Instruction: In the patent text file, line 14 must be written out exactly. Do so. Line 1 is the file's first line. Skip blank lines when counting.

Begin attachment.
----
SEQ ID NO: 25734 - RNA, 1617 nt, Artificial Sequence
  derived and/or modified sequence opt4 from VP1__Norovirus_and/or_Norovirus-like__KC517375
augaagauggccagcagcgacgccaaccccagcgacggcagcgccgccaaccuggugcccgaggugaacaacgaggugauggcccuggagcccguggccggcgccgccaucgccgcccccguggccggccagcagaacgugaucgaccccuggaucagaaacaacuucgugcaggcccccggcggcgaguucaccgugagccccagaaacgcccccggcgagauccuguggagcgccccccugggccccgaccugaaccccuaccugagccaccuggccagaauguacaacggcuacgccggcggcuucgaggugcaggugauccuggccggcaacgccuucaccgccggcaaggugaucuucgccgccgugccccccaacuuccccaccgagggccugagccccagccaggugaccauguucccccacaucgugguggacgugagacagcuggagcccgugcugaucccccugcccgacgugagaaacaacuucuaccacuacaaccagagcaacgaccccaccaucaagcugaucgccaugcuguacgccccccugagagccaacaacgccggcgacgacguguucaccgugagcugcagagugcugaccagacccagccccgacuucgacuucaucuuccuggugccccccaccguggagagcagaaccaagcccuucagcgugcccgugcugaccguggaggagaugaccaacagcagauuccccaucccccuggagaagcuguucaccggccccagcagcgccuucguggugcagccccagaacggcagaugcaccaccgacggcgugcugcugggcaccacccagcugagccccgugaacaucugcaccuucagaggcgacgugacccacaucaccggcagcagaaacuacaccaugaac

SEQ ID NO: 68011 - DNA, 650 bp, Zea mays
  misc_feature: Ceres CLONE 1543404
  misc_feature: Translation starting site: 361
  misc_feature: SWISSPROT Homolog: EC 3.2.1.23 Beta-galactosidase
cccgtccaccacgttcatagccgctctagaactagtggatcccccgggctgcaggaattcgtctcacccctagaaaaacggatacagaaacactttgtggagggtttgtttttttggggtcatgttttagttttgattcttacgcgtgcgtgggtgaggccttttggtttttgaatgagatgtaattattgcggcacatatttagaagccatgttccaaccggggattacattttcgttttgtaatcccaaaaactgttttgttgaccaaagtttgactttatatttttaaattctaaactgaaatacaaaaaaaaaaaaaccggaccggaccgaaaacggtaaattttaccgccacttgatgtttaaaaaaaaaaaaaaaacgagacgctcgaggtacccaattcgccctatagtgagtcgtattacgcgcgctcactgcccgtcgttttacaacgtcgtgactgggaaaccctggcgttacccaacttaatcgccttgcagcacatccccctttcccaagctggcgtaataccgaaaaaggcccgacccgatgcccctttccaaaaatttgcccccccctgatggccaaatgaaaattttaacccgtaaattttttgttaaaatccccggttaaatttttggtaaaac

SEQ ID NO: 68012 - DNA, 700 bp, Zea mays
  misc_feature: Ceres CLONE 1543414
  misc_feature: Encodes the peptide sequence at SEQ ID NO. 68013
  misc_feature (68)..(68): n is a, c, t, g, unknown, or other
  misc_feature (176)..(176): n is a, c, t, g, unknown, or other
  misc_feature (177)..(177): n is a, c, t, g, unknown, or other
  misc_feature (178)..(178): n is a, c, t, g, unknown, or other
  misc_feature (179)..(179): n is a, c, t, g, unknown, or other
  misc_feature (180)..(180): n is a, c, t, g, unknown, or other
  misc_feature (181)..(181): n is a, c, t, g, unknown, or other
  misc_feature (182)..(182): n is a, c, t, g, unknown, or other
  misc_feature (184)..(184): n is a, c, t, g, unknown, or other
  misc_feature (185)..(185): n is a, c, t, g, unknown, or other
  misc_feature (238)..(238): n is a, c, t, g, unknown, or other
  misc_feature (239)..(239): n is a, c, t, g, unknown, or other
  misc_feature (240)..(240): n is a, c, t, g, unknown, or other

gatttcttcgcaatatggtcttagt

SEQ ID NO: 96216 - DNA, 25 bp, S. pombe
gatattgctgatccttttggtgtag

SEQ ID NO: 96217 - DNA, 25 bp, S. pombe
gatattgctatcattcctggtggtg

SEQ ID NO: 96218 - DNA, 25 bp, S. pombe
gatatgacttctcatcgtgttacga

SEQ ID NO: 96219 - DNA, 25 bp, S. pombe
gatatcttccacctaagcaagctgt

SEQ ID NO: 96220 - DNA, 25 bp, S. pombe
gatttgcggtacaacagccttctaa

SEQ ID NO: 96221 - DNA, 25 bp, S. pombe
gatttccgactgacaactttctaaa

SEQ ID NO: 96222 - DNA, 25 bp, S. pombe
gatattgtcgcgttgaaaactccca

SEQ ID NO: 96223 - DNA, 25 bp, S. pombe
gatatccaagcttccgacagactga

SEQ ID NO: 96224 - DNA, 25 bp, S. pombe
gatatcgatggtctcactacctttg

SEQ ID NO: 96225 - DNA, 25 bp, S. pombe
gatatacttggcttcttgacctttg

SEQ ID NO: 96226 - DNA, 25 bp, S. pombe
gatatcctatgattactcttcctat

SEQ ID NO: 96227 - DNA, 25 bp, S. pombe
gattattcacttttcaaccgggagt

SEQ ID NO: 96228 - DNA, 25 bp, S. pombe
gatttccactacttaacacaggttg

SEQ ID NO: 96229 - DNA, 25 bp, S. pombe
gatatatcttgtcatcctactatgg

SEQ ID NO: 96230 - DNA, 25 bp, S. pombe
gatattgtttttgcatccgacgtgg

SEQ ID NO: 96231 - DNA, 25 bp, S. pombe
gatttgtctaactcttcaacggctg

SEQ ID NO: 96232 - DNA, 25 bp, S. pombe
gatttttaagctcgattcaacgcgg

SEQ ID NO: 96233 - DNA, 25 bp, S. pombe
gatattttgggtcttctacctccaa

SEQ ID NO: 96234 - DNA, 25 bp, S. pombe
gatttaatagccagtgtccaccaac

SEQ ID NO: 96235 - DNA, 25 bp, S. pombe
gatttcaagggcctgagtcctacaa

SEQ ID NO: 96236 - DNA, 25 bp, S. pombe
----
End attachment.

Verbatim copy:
  misc_feature (177)..(177): n is a, c, t, g, unknown, or other